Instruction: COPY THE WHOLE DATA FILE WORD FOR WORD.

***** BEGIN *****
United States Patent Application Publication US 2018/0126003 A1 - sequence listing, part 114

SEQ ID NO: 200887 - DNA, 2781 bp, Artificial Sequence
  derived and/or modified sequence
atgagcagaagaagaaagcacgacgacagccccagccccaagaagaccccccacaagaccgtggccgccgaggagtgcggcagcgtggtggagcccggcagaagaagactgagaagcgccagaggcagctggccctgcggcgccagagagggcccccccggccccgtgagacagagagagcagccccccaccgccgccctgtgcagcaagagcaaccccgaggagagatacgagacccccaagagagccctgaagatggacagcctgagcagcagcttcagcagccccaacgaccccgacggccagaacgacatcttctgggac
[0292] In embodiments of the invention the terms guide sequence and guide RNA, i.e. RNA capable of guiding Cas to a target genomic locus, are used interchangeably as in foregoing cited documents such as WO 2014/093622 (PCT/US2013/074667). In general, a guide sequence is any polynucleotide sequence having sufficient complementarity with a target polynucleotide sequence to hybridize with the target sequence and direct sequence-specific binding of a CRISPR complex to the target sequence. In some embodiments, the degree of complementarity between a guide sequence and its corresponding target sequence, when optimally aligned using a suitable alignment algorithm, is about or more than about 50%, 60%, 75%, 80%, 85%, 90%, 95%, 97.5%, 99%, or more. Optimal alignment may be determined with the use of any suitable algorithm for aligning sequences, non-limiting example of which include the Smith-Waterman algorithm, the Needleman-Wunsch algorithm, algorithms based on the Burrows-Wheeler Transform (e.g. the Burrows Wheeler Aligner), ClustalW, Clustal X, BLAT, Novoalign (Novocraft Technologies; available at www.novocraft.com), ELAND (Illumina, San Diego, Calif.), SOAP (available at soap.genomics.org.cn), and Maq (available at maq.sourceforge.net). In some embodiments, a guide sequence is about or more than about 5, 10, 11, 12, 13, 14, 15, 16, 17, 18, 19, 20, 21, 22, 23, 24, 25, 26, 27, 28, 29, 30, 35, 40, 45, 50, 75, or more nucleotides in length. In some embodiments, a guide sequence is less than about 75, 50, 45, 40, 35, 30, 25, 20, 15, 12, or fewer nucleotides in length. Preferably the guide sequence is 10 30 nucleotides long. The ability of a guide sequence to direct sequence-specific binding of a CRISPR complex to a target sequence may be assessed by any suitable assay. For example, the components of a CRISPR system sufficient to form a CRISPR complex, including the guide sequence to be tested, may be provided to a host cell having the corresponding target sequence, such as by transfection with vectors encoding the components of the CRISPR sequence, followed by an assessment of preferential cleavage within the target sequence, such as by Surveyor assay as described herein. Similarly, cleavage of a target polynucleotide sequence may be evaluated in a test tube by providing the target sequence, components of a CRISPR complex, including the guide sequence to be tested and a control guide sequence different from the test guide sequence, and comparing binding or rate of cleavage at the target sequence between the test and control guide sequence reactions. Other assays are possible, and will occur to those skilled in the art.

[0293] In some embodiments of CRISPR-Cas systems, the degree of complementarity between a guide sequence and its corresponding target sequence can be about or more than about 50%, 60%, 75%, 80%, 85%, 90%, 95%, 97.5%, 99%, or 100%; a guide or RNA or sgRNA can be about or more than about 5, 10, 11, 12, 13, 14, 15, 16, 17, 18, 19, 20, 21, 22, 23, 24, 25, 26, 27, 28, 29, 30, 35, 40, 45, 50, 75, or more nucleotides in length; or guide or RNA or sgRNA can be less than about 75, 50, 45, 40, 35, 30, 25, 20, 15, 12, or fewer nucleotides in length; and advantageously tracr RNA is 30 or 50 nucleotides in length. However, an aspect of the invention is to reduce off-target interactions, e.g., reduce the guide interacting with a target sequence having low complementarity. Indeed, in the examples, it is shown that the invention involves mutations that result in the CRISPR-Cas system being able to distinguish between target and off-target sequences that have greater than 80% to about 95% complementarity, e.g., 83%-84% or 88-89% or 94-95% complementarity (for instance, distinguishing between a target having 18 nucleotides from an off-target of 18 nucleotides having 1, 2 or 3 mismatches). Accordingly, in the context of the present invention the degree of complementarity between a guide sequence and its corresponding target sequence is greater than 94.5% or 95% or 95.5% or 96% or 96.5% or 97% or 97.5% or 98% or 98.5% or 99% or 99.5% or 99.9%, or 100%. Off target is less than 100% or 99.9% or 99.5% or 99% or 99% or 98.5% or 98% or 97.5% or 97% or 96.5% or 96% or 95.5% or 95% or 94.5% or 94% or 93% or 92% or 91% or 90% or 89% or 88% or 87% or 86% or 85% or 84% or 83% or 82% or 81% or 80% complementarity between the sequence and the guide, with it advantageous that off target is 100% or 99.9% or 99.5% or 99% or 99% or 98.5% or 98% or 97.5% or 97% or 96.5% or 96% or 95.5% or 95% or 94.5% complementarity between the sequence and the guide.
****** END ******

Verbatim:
United States Patent Application Publication US 2018/0126003 A1 - sequence listing, part 114

SEQ ID NO: 200887 - DNA, 2781 bp, Artificial Sequence
  derived and/or modified sequence
atgagcagaagaagaaagcacgacgacagccccagccccaagaagaccccccacaagaccgtggccgccgaggagtgcggcagcgtggtggagcccggcagaagaagactgagaagcgccagaggcagctggccctgcggcgccagagagggcccccccggccccgtgagacagagagagcagccccccaccgccgccctgtgcagcaagagcaaccccgaggagagatacgagacccccaagagagccctgaagatggacagcctgagcagcagcttcagcagccccaacgaccccgacggccagaacgacatcttctgggac
[0292] In embodiments of the invention the terms guide sequence and guide RNA, i.e. RNA capable of guiding Cas to a target genomic locus, are used interchangeably as in foregoing cited documents such as WO 2014/093622 (PCT/US2013/074667). In general, a guide sequence is any polynucleotide sequence having sufficient complementarity with a target polynucleotide sequence to hybridize with the target sequence and direct sequence-specific binding of a CRISPR complex to the target sequence. In some embodiments, the degree of complementarity between a guide sequence and its corresponding target sequence, when optimally aligned using a suitable alignment algorithm, is about or more than about 50%, 60%, 75%, 80%, 85%, 90%, 95%, 97.5%, 99%, or more. Optimal alignment may be determined with the use of any suitable algorithm for aligning sequences, non-limiting example of which include the Smith-Waterman algorithm, the Needleman-Wunsch algorithm, algorithms based on the Burrows-Wheeler Transform (e.g. the Burrows Wheeler Aligner), ClustalW, Clustal X, BLAT, Novoalign (Novocraft Technologies; available at www.novocraft.com), ELAND (Illumina, San Diego, Calif.), SOAP (available at soap.genomics.org.cn), and Maq (available at maq.sourceforge.net). In some embodiments, a guide sequence is about or more than about 5, 10, 11, 12, 13, 14, 15, 16, 17, 18, 19, 20, 21, 22, 23, 24, 25, 26, 27, 28, 29, 30, 35, 40, 45, 50, 75, or more nucleotides in length. In some embodiments, a guide sequence is less than about 75, 50, 45, 40, 35, 30, 25, 20, 15, 12, or fewer nucleotides in length. Preferably the guide sequence is 10 30 nucleotides long. The ability of a guide sequence to direct sequence-specific binding of a CRISPR complex to a target sequence may be assessed by any suitable assay. For example, the components of a CRISPR system sufficient to form a CRISPR complex, including the guide sequence to be tested, may be provided to a host cell having the corresponding target sequence, such as by transfection with vectors encoding the components of the CRISPR sequence, followed by an assessment of preferential cleavage within the target sequence, such as by Surveyor assay as described herein. Similarly, cleavage of a target polynucleotide sequence may be evaluated in a test tube by providing the target sequence, components of a CRISPR complex, including the guide sequence to be tested and a control guide sequence different from the test guide sequence, and comparing binding or rate of cleavage at the target sequence between the test and control guide sequence reactions. Other assays are possible, and will occur to those skilled in the art.

[0293] In some embodiments of CRISPR-Cas systems, the degree of complementarity between a guide sequence and its corresponding target sequence can be about or more than about 50%, 60%, 75%, 80%, 85%, 90%, 95%, 97.5%, 99%, or 100%; a guide or RNA or sgRNA can be about or more than about 5, 10, 11, 12, 13, 14, 15, 16, 17, 18, 19, 20, 21, 22, 23, 24, 25, 26, 27, 28, 29, 30, 35, 40, 45, 50, 75, or more nucleotides in length; or guide or RNA or sgRNA can be less than about 75, 50, 45, 40, 35, 30, 25, 20, 15, 12, or fewer nucleotides in length; and advantageously tracr RNA is 30 or 50 nucleotides in length. However, an aspect of the invention is to reduce off-target interactions, e.g., reduce the guide interacting with a target sequence having low complementarity. Indeed, in the examples, it is shown that the invention involves mutations that result in the CRISPR-Cas system being able to distinguish between target and off-target sequences that have greater than 80% to about 95% complementarity, e.g., 83%-84% or 88-89% or 94-95% complementarity (for instance, distinguishing between a target having 18 nucleotides from an off-target of 18 nucleotides having 1, 2 or 3 mismatches). Accordingly, in the context of the present invention the degree of complementarity between a guide sequence and its corresponding target sequence is greater than 94.5% or 95% or 95.5% or 96% or 96.5% or 97% or 97.5% or 98% or 98.5% or 99% or 99.5% or 99.9%, or 100%. Off target is less than 100% or 99.9% or 99.5% or 99% or 99% or 98.5% or 98% or 97.5% or 97% or 96.5% or 96% or 95.5% or 95% or 94.5% or 94% or 93% or 92% or 91% or 90% or 89% or 88% or 87% or 86% or 85% or 84% or 83% or 82% or 81% or 80% complementarity between the sequence and the guide, with it advantageous that off target is 100% or 99.9% or 99.5% or 99% or 99% or 98.5% or 98% or 97.5% or 97% or 96.5% or 96% or 95.5% or 95% or 94.5% complementarity between the sequence and the guide.